On a more practical side, a camera network with cooperating low and high resolution cameras in a relatively difficult outdoor environment, such as a highway, is described by M. M. Trivedi, A. Prati, and G. Kogut, “Distributed interactive video arrays for event based analysis of incidents,” IEEE International Conference on Intelligent Transportation Systems, pp. 950-956, September 2002.

Other methods combine autonomous systems with structured light, J. Barreto and K. Daniilidis, “Wide area multiple camera calibration and estimation of radial distortion,” Peter Sturm, Tomas Svoboda, and Seth Teller, editors, Fifth Workshop on Omnidirectional Vision, Camera Networks and Non-classical cameras, 2004; use calibration widgets, Patrick Baker and Yiannis Aloimonos, “Calibration of a multicamera network,” Robert Pless, Jose Santos-Victor, and Yasushi Yagi, editors, Fourth Workshop on Omnidirectional Vision, Camera Networks and Nonclassical cameras, 2003; or use surveyed landmarks, Robert T. Collins and Yanghai Tsin, “Calibration of an outdoor active camera system,” IEEE Computer Vision and Pattern Recognition, pp. 528-534, June 1999.

However, most of those methods are impractical because those methods either require too much labor, in the case of calibration tools, or place too many constraints on the environment, in the case of structured light, or require manually surveyed landmarks. In any case, those methods assume that calibration is done prior to operating the system, and make no provision for re-calibrating the system dynamically during operation as the environment is reconfigured.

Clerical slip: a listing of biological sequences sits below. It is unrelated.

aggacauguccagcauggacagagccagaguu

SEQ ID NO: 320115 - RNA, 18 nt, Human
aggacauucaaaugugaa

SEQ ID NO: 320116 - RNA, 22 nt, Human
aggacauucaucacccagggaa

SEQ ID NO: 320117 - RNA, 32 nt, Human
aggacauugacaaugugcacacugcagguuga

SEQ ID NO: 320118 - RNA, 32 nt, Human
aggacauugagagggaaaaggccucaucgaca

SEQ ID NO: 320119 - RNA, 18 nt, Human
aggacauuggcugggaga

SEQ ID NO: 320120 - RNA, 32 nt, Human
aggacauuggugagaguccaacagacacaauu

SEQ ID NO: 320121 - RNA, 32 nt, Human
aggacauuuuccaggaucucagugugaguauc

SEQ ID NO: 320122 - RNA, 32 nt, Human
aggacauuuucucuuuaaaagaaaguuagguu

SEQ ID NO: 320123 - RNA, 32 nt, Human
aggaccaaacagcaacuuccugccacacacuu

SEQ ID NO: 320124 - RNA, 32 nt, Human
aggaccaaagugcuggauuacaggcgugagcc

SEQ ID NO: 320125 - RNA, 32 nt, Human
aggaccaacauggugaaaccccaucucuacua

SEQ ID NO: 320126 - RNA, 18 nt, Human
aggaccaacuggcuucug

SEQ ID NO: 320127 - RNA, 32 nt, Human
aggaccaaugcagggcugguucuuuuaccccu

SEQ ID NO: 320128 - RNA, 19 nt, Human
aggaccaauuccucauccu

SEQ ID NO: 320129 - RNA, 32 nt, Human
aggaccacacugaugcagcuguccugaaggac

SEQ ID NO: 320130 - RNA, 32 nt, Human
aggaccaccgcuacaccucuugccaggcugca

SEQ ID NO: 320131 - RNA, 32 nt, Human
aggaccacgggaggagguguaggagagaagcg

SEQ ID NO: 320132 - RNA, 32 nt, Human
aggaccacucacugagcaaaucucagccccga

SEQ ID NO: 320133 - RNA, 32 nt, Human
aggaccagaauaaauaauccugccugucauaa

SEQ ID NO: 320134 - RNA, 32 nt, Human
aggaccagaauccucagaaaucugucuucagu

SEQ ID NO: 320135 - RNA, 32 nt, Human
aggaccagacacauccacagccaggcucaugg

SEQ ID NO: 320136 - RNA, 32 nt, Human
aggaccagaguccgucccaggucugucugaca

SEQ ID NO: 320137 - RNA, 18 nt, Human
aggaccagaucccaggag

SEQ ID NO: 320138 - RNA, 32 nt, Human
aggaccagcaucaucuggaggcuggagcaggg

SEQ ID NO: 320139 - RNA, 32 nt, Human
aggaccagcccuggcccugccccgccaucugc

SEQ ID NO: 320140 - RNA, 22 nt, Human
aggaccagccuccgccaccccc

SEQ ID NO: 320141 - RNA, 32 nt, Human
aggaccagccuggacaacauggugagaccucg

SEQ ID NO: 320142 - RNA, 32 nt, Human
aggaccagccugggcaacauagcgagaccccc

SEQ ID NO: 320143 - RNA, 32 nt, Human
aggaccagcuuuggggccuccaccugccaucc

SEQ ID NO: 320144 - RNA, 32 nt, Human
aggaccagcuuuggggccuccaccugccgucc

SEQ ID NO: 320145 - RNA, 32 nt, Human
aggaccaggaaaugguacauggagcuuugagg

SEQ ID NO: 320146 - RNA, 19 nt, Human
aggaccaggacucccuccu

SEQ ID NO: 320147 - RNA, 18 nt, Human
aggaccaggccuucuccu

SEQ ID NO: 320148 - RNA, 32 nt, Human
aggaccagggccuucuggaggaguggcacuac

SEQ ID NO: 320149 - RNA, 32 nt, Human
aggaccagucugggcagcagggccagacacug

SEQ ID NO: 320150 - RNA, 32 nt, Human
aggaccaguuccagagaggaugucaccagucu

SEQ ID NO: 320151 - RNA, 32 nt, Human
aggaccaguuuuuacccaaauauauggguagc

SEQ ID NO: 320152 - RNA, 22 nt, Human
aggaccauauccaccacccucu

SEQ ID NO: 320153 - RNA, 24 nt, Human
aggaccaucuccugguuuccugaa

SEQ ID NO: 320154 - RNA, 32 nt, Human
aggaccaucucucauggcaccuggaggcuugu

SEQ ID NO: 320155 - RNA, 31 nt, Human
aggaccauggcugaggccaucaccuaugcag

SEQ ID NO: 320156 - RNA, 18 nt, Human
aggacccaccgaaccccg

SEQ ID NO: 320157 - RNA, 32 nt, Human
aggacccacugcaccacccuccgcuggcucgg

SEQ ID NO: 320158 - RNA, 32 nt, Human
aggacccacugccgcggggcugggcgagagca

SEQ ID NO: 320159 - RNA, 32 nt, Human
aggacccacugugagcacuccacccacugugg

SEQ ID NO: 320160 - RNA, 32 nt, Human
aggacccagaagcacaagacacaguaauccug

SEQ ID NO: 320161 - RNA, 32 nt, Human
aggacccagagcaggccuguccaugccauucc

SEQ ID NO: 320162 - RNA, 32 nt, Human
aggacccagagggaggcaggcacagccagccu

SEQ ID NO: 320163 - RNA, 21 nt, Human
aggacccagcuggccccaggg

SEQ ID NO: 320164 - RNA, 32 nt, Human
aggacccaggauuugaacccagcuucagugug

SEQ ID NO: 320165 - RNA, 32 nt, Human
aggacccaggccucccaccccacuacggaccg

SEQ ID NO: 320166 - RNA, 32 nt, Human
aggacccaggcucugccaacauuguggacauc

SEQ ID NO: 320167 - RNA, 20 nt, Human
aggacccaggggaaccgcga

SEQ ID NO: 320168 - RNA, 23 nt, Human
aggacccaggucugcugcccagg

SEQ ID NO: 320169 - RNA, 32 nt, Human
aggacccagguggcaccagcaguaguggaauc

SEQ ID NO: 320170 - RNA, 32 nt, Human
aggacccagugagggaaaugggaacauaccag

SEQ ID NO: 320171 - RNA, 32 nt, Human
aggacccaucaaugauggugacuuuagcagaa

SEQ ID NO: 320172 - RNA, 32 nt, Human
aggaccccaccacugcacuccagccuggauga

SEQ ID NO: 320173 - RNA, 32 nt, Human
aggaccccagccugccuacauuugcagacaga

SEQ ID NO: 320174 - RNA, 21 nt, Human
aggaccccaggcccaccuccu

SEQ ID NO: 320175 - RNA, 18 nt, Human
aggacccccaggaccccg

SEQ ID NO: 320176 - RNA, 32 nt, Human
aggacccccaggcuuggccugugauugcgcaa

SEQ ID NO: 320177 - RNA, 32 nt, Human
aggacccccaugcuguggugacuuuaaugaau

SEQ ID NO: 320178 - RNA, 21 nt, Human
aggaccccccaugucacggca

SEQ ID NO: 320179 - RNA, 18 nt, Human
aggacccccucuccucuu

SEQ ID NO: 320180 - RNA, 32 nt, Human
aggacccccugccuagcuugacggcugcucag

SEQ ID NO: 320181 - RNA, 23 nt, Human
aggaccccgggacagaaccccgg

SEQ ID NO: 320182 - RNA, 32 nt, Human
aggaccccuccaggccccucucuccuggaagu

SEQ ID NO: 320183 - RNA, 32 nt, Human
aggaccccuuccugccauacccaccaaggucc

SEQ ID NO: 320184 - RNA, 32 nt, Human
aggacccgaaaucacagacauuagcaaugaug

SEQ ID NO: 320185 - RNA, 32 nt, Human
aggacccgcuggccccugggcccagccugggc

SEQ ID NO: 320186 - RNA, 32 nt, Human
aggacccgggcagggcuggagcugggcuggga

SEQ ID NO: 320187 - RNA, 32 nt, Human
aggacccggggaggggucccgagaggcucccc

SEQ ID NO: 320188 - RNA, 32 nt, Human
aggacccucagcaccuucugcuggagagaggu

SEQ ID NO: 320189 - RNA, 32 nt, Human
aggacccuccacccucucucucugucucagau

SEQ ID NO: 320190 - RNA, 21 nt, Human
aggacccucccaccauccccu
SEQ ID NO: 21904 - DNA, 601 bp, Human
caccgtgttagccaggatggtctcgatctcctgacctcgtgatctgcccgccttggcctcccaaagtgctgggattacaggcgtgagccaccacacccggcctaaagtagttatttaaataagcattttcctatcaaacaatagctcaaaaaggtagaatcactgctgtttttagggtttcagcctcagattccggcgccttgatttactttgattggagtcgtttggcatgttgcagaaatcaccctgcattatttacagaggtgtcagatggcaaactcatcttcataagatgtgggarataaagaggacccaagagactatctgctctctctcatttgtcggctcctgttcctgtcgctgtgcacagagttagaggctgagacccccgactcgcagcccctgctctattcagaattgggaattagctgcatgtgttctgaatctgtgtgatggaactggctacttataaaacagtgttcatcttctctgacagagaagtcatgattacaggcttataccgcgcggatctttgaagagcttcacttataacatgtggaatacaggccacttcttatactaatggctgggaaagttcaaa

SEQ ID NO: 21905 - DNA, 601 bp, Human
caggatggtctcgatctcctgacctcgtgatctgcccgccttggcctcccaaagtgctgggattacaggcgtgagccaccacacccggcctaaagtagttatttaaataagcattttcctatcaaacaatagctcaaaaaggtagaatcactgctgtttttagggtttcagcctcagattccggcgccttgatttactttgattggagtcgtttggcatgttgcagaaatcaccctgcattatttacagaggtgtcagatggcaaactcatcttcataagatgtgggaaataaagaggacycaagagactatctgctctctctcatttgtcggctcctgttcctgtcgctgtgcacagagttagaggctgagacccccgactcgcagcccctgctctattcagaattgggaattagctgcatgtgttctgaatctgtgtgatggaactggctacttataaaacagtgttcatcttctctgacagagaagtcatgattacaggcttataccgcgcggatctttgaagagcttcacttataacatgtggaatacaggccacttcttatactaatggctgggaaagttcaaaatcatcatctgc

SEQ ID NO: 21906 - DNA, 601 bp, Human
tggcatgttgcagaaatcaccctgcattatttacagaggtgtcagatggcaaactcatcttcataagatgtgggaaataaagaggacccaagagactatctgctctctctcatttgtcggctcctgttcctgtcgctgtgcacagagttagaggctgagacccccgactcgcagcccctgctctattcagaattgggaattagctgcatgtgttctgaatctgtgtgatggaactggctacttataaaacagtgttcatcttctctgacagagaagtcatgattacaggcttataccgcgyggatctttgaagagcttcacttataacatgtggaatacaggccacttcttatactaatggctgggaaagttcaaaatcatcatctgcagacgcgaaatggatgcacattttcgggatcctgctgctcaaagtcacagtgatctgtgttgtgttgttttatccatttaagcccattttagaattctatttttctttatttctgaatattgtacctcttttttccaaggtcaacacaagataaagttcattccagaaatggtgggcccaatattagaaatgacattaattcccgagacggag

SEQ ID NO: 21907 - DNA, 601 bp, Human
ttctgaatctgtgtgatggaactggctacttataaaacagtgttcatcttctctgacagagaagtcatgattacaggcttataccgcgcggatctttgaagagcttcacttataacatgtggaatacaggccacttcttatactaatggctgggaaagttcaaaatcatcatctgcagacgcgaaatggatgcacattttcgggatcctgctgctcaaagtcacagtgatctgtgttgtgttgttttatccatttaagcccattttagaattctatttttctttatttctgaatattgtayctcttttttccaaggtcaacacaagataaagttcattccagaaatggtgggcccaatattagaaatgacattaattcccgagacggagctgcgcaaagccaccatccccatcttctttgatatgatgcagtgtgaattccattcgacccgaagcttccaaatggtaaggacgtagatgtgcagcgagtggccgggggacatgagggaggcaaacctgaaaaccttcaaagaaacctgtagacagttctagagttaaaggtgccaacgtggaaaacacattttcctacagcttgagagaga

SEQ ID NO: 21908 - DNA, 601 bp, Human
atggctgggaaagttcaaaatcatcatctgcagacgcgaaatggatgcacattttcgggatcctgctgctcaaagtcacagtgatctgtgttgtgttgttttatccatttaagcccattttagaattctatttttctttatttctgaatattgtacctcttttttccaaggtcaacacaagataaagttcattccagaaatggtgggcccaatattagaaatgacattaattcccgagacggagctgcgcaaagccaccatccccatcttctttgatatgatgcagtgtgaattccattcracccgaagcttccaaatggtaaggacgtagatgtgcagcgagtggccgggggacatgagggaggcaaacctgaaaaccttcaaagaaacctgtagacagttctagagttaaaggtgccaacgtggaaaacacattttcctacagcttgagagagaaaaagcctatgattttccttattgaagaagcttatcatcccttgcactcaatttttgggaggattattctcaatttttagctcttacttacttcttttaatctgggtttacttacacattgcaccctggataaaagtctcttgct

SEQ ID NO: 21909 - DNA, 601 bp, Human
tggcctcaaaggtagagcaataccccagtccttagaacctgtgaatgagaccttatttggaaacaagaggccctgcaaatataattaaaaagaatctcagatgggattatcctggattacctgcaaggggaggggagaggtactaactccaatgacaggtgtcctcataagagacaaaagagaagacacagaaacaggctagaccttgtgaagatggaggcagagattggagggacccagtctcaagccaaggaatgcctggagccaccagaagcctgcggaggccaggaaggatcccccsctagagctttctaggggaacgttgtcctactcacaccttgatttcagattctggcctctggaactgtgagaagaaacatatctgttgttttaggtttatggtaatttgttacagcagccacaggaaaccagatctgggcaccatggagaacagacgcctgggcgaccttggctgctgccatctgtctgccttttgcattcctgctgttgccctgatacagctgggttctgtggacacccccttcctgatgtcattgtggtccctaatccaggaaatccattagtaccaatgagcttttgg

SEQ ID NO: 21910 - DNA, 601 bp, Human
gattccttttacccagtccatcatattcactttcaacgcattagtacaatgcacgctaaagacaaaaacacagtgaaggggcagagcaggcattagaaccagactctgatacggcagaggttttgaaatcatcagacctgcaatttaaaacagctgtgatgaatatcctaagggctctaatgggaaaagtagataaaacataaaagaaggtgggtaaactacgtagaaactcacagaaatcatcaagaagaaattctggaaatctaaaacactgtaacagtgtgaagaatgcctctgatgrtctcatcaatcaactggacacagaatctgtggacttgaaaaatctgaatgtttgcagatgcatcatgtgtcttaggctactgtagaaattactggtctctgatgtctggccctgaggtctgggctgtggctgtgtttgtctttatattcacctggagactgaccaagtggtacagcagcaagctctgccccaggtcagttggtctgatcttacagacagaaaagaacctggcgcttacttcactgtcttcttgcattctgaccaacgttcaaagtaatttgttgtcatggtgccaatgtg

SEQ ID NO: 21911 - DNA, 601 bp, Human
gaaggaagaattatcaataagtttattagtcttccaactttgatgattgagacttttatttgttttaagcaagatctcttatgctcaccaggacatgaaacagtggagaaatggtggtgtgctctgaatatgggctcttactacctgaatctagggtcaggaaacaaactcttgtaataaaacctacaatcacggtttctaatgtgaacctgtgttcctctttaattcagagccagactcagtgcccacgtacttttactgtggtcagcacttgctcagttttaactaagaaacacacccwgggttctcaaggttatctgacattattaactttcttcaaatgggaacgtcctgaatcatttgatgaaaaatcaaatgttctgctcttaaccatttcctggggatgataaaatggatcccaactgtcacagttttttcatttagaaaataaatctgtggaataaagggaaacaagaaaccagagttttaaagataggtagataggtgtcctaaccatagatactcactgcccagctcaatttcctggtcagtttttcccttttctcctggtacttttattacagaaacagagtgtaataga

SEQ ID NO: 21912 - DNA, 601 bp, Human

Those problem are address by Stein and Stauffer et al. They use tracking data to estimate transforms to a common coordinate system for their camera network. They do not distinguish between setup and operational phases. Rather, any tracking data can be used to calibrate, or re-calibrate their system. However, neither of those methods directly addressed the question of PTZ cameras. More importantly, those methods place severe constraints on the sensors used in the network. The sensors acquire very detailed positional data for moving objects, and must also be able to differentiate objects to successfully track the objects. This is true because tracks, and not individual observations, are the basic unit used in their calibration process.

All the methods describe above require the acquisition of a detailed geometric model of the sensor network and the environment.

Another method calibrates a network of non-overlapping cameras, Ali Rahimi, Brian Dunagan, and Trevor Darrell, “Simultaneous calibration and tracking with a network of non-overlapping sensors,” IEEE Vision and Pattern Recognition, pages 187-194, June 2004. However, that method requires the tracking of a moving object.